The soundtrack is pretty basic, but it fits with the overall theme of 2Dark and its gloominess. The voice acting is limited to Smith’s narration in cut scenes, plus a few phrases or sounds (like kids shrieking, something that is particularly risky in a Stealth title). There’s no way to restore health if Smith takes a few hits, which lends to the sensation of being reliant on sneakiness over a guns-a-blazing tactic. I loved being able to sneak up on unsuspecting opponents and backstab them – once I located a knife, or something similar, that is – but for the most part 2Dark rewards players who think outside the box. Many boss fights and even just common obstacles have multiple solutions for getting past them, and there are lots of opportunities to use the environment to your advantage. Still, the gameplay in 2Dark can be exceedingly frustrating at times, and I forced myself to get into the habit of saving often and taking a break routinely to stretch and avoid ragequitting a level.
The puzzles are a combination of practical item usage, and nonsensical touchiness – my biggest moment of confusion happened between levels when I was at Smith’s apartment because I couldn’t figure out how to trigger the next location appearing on the map. It turns out, all I had to do was check Smith’s filing cabinet for information on the boss of the next setting, and then I got the notification that my map had updated. Fortunately, for the most part, I spent most of my time in 2Dark assessing situations and coming up with a plan of attack concerning opponents rather than unlocking new areas using some random object found on the floor, and the sense of accomplishment kept me coming back for more time and time again. It took me ten hours to defeat the game as Mr. Smith, but I would have liked a little more meat on the bones to justify the steep £24.99 / $29.99 USD Playstation price tag.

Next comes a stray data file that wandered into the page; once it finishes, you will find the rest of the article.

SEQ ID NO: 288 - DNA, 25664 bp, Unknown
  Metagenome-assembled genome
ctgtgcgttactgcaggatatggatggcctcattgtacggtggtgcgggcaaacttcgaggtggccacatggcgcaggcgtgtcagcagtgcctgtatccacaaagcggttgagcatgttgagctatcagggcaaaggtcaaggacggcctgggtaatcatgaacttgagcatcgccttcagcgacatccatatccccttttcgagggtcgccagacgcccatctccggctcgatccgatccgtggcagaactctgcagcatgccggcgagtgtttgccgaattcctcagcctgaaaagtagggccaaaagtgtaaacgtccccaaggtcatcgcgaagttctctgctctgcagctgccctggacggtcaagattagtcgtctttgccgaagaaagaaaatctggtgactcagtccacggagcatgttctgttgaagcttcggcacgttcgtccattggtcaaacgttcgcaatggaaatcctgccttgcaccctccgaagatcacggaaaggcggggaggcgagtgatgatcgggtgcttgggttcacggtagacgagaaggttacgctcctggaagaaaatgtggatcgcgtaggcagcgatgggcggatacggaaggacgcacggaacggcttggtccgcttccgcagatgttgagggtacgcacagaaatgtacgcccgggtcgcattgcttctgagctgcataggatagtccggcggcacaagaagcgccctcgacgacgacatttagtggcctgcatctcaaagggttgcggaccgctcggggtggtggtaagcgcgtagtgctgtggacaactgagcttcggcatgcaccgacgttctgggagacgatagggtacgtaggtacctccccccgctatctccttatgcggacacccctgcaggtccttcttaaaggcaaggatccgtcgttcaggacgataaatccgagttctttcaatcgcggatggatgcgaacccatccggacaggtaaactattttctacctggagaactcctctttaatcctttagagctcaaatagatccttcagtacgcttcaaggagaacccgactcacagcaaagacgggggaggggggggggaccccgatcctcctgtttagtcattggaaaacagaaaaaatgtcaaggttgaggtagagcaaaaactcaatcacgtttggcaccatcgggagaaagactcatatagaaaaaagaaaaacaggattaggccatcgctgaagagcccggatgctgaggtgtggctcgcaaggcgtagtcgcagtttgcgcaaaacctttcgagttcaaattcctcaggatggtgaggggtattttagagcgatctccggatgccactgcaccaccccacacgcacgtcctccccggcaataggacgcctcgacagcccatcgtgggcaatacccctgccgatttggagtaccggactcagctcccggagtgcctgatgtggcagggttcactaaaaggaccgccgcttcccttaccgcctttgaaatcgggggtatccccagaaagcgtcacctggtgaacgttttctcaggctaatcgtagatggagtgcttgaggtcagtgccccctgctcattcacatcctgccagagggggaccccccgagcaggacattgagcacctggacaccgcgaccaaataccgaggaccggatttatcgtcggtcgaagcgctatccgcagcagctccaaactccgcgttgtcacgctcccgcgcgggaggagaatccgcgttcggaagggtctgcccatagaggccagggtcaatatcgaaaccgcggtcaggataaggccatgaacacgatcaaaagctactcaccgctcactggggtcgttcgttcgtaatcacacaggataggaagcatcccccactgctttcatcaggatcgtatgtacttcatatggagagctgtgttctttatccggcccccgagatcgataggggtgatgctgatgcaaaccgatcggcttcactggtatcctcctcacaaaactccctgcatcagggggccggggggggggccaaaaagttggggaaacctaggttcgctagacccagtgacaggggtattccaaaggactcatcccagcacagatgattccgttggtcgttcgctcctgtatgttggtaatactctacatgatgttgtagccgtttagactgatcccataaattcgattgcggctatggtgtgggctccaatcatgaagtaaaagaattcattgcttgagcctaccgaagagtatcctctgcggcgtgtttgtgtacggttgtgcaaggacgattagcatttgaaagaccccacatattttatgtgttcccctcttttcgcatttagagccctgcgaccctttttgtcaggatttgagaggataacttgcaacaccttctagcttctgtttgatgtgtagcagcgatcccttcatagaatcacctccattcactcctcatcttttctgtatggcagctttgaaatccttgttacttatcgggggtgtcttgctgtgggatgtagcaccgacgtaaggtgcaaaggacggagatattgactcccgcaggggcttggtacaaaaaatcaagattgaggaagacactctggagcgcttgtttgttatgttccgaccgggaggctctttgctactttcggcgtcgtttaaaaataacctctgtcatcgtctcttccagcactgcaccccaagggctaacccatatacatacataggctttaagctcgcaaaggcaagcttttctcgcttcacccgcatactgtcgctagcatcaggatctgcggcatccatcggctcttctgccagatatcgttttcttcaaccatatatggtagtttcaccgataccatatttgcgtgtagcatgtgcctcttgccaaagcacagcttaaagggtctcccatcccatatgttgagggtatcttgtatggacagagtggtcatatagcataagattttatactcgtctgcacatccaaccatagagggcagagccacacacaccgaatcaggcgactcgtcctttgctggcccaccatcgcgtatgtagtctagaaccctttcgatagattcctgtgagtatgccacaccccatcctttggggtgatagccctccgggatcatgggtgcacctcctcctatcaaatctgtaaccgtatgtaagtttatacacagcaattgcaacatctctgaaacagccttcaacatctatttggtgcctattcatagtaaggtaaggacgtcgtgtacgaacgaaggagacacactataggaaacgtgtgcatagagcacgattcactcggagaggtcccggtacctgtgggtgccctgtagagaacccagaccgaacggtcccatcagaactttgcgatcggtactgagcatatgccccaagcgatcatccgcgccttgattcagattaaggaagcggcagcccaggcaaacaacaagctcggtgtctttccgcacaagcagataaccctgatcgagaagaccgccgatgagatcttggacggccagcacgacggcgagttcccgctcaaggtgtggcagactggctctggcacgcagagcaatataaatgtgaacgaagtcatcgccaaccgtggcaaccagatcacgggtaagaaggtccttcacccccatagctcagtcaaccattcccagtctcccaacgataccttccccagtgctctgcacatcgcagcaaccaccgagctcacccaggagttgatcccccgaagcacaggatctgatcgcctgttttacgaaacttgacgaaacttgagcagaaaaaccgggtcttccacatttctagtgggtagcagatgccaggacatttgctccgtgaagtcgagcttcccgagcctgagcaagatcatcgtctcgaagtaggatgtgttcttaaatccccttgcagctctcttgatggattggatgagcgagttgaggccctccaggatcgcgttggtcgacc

Bigben Interactive’s journey into Gloomywood is a grim one, full of heinous acts against children and grim secrets, and 2Dark does an excellent job of driving home those terrible themes. Smith is a haunted man, one plagued by the death of his wife and his missing children, but I still found it difficult to understand how our protagonist could be so calloused about slaughtering everyone in his path even if it meant saving innocent children. 2Dark relies a little too heavily on gruesome scenes of murder and mayhem, and its assumption that the plaintive cries of trapped children will make the player empathize with Mr. Smith and his plight. The volume of tropes and Horror movie clichés present in this title is staggering, from twisted clowns to Dr. Frankenstein-inspired scientists, to chainsaw wielding men wearing pig masks.
Ultimately, I wanted to defeat 2Dark and unlock the rest of the story for the sense of completion, rather than an overwhelming need to know the ending, which is a shame for a title that relies on a plot-driven adventure. But there are tremendous challenges to be overcome in Gloomywood, and victory is especially sweet when it’s paired with murdering bad guys and saving cute little kids. As long as you don’t object to intense violence, mature content, and even sexual themes, 2Dark is a modern pixel thriller that challenges players to dust-off their Stealth skills and thinks outside the box. I tip my hat to Frédérick Raynal and the Gloomywood studios team for their contribution to the genre(s), even if 2Dark somehow manages to straddle the fence between numerous categories without being excellent in any.
REVIEW CODE: A complimentary PC code was provided to Bonus Stage for this review. Please send all review code enquiries to email@example.com.